The Reserve Bank of India (RBI) on Friday made a series of announcements on the payments system, including an increase in the per-transaction limit for Immediate Payment Service (IMPS) to Rs 5 lakh from Rs 2 lakh and the introduction of geo-tagging for payment system touch points.
The per-transaction limit in IMPS, effective from January 2014, is currently capped at Rs 2 lakh for channels other than SMS and IVRS, for which it stands at Rs 5,000. “With RTGS now operational round the clock, there has been a corresponding increase in settlement cycles of IMPS, thereby reducing the credit and settlement risks. In view of the importance of the IMPS system in processing of domestic payment transactions, it is proposed to increase the per-transaction limit from Rs 2 lakh to Rs 5 lakh for channels other than SMS and IVRS,” the central bank said in its statement on developmental and regulatory policies.
Madhusudanan R, co-founder, M2P Fintech, said that the increase in the IMPS transaction limit is significant because the Unified Payments Interface (UPI) is based on that system and a whole host of peer-to-peer (P2P) payments and initial public offer (IPO) payments will be simplified as a result. “It will also help take some of the load off the RTGS system and allow banks to focus better on liquidity management. This takes care of nearly 90% of retail payments,” he said.
To ensure a balanced spread of acceptance infrastructure across the country, it is essential to ascertain location information of existing payment acceptance infrastructure, the RBI said. In this regard, geo-tagging technology, by providing location information on an ongoing basis, can be useful in targeting areas with deficient infrastructure for focussed policy action. The central bank accordingly proposed to lay down a framework for geo-tagging, or capturing of geographical coordinates, of physical payment acceptance infrastructure, such as point of sale (PoS) terminals and quick response (QR) codes used by merchants. This would complement the Payments Infrastructure Development Fund (PIDF) framework by better deployment of acceptance infrastructure and wider access to digital payments, the RBI said.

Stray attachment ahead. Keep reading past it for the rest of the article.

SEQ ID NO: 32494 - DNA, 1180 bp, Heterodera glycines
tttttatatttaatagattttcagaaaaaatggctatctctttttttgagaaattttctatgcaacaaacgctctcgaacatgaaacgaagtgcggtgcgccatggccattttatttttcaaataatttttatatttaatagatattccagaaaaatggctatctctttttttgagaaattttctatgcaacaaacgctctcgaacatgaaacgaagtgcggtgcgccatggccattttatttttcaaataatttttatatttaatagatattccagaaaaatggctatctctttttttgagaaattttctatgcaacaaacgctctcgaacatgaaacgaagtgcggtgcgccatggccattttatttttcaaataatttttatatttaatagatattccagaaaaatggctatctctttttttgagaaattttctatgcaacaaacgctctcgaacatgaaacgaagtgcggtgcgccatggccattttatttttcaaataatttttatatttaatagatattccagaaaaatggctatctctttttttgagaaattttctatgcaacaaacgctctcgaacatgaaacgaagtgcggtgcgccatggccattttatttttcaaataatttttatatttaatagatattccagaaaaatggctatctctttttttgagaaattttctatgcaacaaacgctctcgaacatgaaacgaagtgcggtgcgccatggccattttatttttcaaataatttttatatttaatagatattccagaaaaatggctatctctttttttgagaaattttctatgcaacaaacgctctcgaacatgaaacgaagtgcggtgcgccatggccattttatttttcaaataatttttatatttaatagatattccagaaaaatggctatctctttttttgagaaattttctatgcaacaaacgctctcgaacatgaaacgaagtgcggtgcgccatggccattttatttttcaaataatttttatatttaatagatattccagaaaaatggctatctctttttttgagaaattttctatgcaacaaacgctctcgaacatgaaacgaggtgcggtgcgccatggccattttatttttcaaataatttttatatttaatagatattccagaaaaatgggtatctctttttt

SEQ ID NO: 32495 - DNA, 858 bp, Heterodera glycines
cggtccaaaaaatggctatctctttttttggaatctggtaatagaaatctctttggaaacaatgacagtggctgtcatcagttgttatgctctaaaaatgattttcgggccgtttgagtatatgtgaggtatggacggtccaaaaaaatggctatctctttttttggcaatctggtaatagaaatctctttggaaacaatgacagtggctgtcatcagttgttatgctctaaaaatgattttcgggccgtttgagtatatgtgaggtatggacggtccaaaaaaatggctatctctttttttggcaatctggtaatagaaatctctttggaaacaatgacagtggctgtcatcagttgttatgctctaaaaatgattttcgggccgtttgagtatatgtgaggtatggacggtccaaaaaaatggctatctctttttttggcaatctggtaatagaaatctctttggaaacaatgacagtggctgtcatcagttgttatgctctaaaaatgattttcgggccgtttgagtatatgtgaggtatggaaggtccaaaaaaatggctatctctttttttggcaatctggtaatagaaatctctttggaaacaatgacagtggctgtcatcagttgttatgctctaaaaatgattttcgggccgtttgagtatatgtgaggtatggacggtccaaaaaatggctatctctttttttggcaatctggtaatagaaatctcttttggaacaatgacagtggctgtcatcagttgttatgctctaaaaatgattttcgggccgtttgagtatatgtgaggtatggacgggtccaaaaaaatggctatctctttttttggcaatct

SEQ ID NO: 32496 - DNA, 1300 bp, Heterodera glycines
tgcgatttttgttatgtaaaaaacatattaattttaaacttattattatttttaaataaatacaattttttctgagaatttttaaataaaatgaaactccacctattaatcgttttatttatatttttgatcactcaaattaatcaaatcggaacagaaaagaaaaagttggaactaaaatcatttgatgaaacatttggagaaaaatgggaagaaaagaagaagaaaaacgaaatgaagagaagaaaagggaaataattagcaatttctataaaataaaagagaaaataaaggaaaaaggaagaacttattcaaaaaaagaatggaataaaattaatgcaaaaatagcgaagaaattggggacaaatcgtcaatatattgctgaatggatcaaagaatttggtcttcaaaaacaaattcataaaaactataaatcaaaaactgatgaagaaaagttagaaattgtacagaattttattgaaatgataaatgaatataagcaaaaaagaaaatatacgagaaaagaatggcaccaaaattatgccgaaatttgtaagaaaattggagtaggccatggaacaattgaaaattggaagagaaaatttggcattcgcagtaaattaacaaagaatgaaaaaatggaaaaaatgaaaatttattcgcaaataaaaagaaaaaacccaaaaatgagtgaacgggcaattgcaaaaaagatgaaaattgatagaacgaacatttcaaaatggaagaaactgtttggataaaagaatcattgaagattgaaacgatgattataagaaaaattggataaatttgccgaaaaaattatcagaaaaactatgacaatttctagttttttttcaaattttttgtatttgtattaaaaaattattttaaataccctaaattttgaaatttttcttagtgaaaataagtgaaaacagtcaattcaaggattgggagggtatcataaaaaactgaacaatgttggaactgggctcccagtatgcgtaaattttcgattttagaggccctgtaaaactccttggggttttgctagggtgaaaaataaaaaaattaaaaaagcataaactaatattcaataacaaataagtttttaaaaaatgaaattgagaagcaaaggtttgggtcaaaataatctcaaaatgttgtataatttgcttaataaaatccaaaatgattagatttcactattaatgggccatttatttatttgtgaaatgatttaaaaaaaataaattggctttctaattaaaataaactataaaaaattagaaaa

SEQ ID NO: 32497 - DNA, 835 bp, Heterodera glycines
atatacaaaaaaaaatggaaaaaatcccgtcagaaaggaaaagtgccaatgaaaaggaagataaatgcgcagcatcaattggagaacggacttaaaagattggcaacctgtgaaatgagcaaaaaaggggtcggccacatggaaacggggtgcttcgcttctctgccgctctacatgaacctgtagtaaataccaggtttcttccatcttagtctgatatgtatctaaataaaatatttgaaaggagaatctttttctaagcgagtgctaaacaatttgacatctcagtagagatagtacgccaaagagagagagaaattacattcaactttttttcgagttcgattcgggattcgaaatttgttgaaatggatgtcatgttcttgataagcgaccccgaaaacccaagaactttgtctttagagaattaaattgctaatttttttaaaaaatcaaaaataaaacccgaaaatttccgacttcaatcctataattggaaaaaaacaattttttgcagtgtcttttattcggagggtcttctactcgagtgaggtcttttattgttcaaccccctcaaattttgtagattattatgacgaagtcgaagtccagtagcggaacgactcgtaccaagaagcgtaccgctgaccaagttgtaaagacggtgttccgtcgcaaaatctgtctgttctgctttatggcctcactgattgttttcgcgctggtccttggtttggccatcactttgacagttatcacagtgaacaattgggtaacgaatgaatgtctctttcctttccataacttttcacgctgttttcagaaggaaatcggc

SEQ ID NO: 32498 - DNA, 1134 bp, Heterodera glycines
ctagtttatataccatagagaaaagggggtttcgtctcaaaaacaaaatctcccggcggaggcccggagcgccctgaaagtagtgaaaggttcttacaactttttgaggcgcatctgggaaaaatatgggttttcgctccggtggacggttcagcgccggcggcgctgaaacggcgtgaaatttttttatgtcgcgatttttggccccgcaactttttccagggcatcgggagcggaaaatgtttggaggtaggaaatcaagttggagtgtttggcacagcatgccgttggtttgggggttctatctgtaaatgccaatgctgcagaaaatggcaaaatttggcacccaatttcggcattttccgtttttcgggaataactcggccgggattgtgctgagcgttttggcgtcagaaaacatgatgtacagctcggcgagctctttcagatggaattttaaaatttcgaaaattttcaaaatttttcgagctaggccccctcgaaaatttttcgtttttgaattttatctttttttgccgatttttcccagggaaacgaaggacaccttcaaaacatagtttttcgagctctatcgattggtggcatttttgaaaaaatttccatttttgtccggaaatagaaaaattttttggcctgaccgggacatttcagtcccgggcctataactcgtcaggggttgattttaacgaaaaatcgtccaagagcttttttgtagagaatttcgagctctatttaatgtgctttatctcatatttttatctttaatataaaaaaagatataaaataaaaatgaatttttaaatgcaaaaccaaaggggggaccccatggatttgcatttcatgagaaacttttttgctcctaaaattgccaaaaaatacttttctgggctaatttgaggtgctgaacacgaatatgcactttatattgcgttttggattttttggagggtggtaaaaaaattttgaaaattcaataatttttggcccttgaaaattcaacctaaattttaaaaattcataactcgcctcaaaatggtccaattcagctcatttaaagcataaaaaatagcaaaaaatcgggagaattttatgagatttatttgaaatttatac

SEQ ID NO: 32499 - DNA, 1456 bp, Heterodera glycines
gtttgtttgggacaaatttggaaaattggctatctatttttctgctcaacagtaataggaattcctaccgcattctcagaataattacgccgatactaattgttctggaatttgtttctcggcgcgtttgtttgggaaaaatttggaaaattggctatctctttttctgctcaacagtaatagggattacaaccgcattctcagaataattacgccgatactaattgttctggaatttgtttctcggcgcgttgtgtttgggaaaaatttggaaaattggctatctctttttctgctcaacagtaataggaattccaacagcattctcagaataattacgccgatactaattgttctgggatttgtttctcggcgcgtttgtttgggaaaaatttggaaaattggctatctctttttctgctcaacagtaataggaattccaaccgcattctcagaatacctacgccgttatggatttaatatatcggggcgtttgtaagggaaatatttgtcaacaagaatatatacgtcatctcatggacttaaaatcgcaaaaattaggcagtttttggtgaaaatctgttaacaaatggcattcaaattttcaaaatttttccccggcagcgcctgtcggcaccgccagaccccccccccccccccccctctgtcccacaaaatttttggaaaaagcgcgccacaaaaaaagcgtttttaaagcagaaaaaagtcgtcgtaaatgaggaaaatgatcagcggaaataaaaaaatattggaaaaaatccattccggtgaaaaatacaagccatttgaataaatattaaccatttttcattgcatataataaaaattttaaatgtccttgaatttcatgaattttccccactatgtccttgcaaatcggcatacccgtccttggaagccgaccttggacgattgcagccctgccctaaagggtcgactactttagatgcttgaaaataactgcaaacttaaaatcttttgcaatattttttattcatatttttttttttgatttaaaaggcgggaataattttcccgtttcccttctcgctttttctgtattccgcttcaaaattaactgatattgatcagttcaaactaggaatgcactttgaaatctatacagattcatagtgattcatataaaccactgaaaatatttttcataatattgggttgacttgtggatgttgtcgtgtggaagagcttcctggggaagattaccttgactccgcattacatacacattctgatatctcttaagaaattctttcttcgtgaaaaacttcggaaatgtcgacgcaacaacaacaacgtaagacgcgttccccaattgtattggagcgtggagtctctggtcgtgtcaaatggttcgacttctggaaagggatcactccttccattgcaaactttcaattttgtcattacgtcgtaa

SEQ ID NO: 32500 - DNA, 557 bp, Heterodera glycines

Industry players said that while the thinking behind this regulation was not immediately clear, the regulator may be looking at it as a means of making non-bank fintech players more responsible for the merchants they acquire. Geo-tagging will promote wider deployment of payment infrastructure such as POS terminals and QR codes, said Shivaji Thapliyal, lead analyst — institutional equities, Yes Securities. “This will be positive for fee income for banks in the long run on the acquirer side business,” he said.
Additionally, the RBI said that under a scheme to conduct pilot tests for enabling retail digital payments in the offline mode, three pilots were successfully conducted in different parts of the country between September 2020 and June 2021. The pilots involved small-value transactions covering a volume of 2.41 lakh for a value of Rs 1.16 crore. The central bank concluded that there is a scope to introduce such solutions, especially in remote areas. “Given the experience gained from the pilots and the encouraging feedback, it is proposed to introduce a framework for carrying out retail digital payments in offline mode across the country,” the RBI said.
The central bank announced that the fourth cohort under its regulatory sandbox will be on prevention and mitigation of financial frauds. The focus would be on using technology to reduce the lag between the occurrence and detection of frauds, strengthening the fraud governance structure and minimising response time to frauds, the RBI said. Further, based on the experience gained and the feedback received from stakeholders, the central bank plans to facilitate on-tap application for themes of cohorts earlier closed. The three cohorts were on retail payments, cross-border payments and MSME lending.